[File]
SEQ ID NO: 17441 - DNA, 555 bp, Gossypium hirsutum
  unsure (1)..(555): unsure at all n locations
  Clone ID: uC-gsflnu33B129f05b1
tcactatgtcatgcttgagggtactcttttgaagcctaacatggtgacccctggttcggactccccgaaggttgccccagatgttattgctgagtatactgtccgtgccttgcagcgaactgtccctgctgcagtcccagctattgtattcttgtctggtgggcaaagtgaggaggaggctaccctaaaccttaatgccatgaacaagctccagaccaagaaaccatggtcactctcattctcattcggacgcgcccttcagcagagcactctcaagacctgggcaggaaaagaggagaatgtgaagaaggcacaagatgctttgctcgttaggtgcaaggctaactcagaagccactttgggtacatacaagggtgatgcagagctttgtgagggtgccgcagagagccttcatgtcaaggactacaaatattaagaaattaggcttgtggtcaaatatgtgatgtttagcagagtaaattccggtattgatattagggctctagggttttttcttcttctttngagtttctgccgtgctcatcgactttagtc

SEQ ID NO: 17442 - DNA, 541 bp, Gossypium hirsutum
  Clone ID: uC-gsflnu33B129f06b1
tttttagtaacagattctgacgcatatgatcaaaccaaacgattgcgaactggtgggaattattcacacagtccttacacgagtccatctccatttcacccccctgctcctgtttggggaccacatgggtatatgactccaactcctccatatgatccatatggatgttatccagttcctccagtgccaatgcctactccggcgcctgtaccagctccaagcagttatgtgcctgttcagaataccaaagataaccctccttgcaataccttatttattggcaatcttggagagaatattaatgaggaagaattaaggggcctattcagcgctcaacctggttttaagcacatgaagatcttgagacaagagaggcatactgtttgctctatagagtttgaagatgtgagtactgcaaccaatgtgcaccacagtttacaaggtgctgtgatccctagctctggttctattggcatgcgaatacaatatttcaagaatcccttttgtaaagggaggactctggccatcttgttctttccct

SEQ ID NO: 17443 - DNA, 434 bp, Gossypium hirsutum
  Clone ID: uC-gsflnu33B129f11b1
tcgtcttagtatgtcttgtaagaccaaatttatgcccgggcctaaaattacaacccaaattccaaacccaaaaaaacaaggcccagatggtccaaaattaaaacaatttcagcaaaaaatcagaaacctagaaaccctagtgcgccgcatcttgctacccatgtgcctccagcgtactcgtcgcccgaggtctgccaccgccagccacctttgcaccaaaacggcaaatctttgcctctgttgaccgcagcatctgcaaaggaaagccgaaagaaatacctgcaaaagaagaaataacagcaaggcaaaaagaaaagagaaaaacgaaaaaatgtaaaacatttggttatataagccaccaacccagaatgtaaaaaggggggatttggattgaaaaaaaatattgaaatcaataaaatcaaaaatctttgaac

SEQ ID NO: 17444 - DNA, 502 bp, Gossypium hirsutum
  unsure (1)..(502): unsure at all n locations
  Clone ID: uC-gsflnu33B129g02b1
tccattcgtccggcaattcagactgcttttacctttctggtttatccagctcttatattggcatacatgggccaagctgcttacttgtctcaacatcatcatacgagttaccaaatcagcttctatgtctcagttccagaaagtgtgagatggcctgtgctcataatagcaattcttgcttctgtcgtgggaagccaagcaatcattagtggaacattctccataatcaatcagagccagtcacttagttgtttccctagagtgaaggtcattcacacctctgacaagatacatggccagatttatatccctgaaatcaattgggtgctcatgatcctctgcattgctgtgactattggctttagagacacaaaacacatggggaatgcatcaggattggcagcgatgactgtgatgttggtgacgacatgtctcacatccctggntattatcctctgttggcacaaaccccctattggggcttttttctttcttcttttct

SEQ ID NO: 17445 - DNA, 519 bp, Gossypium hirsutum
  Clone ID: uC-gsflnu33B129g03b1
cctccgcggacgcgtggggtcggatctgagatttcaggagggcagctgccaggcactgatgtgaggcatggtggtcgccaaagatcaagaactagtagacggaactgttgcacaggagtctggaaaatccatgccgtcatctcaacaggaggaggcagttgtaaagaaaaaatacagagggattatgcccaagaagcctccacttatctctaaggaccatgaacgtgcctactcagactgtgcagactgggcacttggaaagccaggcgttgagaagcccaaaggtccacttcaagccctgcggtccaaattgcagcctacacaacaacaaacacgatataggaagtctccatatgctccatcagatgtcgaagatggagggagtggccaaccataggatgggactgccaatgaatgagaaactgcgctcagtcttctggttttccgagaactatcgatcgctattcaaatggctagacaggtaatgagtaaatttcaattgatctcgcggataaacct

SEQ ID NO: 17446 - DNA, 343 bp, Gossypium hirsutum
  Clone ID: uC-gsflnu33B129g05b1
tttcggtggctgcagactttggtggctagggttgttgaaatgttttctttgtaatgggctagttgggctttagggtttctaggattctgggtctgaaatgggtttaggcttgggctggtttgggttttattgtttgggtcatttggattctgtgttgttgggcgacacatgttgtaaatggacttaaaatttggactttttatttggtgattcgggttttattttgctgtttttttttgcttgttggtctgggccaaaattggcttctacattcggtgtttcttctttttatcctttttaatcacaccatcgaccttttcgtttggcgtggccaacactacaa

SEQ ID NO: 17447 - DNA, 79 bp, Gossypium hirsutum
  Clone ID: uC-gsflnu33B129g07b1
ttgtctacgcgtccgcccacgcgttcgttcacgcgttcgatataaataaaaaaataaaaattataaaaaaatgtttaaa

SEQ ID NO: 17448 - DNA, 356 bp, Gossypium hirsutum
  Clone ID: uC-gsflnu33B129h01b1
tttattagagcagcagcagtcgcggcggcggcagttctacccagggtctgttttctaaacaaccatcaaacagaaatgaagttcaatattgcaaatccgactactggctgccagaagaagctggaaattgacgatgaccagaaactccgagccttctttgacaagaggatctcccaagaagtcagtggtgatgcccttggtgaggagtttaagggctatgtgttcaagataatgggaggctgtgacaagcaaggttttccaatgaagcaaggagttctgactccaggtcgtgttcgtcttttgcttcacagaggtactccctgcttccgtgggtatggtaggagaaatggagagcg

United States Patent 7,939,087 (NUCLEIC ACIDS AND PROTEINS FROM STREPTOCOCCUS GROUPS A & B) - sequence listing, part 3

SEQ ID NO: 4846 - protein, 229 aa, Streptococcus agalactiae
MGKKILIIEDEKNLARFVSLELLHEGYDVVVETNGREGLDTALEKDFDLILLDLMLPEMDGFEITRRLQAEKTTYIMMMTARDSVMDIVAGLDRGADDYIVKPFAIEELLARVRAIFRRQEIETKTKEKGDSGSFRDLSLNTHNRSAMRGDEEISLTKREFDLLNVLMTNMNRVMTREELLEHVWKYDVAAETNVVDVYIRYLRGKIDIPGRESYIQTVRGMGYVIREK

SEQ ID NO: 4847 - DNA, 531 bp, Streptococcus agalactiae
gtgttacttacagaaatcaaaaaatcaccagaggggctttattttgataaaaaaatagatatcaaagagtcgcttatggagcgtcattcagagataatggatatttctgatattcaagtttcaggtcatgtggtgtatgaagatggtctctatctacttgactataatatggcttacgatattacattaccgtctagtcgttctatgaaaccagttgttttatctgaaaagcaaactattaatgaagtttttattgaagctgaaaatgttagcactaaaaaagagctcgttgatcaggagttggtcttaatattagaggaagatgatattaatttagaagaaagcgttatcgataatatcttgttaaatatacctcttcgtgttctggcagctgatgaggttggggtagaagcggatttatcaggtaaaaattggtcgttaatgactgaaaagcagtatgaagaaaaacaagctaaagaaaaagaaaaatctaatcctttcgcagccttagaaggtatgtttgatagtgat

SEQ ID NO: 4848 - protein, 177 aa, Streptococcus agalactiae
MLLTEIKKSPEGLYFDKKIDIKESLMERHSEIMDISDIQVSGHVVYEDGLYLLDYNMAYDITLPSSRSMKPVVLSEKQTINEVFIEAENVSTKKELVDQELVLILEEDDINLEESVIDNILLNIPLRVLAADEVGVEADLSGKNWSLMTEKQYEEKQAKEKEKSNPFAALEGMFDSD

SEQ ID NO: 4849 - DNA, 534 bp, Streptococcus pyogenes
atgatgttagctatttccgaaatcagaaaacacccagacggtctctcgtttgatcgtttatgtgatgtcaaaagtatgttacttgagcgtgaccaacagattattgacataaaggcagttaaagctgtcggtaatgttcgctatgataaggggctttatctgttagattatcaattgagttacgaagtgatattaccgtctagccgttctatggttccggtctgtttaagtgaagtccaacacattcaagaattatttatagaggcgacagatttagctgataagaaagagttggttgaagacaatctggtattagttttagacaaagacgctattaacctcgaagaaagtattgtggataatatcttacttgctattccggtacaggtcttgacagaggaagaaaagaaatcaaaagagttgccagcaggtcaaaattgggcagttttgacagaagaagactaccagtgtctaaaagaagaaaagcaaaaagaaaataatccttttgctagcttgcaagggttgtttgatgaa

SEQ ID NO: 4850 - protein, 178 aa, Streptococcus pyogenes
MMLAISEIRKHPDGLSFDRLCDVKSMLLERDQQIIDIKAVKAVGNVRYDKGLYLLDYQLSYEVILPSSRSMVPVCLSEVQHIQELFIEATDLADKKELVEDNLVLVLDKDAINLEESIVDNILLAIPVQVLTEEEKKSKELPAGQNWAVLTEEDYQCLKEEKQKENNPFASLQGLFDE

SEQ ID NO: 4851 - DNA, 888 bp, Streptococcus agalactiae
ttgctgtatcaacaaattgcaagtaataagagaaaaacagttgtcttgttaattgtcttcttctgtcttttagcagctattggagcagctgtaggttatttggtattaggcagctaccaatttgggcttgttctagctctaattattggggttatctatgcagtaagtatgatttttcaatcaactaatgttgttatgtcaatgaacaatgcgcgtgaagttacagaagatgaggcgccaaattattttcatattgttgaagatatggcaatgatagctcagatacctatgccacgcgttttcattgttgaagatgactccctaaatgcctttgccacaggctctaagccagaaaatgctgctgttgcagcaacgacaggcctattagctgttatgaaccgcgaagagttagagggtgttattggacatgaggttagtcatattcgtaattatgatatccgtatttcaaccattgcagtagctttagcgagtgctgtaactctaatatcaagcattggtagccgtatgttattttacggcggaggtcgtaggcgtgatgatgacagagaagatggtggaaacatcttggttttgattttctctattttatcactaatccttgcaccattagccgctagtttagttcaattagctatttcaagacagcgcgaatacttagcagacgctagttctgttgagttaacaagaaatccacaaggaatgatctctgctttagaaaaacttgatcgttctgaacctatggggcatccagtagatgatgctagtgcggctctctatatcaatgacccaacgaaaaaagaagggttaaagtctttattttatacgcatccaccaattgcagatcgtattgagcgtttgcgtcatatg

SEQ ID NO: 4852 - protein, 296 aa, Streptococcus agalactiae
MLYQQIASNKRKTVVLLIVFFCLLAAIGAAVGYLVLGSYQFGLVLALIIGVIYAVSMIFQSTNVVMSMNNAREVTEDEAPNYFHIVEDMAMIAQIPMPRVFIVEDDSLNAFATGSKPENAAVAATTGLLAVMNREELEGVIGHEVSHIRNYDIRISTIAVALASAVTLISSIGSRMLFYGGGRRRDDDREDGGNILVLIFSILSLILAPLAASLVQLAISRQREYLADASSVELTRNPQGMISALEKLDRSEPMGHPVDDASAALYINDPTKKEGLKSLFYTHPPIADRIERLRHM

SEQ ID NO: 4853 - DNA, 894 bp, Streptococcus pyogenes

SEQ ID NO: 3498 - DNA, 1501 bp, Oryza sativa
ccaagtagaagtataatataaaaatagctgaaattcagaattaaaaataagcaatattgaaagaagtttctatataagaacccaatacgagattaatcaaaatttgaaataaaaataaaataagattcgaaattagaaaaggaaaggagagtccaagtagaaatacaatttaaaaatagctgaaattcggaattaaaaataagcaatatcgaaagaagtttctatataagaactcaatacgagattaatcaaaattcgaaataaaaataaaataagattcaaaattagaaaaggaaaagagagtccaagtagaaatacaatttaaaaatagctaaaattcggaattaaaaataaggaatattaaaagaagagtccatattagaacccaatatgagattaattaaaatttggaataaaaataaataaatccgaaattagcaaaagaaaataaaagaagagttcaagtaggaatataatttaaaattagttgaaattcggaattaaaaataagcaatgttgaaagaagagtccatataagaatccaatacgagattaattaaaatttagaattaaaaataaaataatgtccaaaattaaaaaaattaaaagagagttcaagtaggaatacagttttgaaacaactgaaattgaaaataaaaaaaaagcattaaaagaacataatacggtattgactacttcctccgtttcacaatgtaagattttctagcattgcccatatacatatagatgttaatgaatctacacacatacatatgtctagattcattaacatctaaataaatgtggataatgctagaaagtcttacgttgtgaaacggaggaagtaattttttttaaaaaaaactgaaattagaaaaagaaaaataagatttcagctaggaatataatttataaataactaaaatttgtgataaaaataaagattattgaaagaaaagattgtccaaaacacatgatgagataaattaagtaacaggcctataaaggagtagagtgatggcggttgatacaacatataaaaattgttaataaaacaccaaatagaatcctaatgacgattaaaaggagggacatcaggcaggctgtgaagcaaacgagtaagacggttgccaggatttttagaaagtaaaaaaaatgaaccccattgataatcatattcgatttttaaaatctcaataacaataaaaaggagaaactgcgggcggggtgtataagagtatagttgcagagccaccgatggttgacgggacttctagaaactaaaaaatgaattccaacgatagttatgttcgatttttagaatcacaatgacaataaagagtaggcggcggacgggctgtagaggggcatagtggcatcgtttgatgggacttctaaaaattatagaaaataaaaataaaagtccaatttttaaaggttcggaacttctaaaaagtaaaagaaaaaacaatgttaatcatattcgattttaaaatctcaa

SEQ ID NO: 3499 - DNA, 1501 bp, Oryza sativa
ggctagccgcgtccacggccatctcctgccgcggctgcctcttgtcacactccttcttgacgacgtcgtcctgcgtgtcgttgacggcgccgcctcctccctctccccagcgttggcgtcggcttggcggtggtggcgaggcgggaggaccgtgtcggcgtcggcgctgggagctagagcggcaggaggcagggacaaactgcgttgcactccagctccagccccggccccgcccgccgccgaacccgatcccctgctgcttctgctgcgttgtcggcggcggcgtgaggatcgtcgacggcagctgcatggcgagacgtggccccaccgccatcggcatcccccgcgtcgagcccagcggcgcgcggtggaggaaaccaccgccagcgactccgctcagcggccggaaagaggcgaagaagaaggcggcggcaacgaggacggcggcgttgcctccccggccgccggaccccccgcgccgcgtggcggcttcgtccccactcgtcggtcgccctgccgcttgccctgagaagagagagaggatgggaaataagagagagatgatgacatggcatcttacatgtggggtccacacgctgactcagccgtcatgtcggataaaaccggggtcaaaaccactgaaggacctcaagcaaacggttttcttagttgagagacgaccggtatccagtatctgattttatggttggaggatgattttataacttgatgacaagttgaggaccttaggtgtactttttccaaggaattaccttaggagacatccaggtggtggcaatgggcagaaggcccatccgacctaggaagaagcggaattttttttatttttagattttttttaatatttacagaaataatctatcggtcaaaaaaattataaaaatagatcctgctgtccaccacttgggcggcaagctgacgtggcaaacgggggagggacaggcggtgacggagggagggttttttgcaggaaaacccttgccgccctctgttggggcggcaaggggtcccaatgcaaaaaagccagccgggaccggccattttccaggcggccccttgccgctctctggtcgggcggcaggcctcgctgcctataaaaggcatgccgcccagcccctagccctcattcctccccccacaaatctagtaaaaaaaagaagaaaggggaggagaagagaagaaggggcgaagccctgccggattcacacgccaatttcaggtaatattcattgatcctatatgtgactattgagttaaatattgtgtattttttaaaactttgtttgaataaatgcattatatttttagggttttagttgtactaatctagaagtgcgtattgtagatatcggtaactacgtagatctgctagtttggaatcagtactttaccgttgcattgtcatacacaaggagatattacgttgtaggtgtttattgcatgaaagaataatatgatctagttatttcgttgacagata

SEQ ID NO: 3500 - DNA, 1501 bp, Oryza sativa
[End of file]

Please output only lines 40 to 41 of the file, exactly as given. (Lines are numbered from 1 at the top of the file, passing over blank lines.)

SEQ ID NO: 4852 - protein, 296 aa, Streptococcus agalactiae
MLYQQIASNKRKTVVLLIVFFCLLAAIGAAVGYLVLGSYQFGLVLALIIGVIYAVSMIFQSTNVVMSMNNAREVTEDEAPNYFHIVEDMAMIAQIPMPRVFIVEDDSLNAFATGSKPENAAVAATTGLLAVMNREELEGVIGHEVSHIRNYDIRISTIAVALASAVTLISSIGSRMLFYGGGRRRDDDREDGGNILVLIFSILSLILAPLAASLVQLAISRQREYLADASSVELTRNPQGMISALEKLDRSEPMGHPVDDASAALYINDPTKKEGLKSLFYTHPPIADRIERLRHM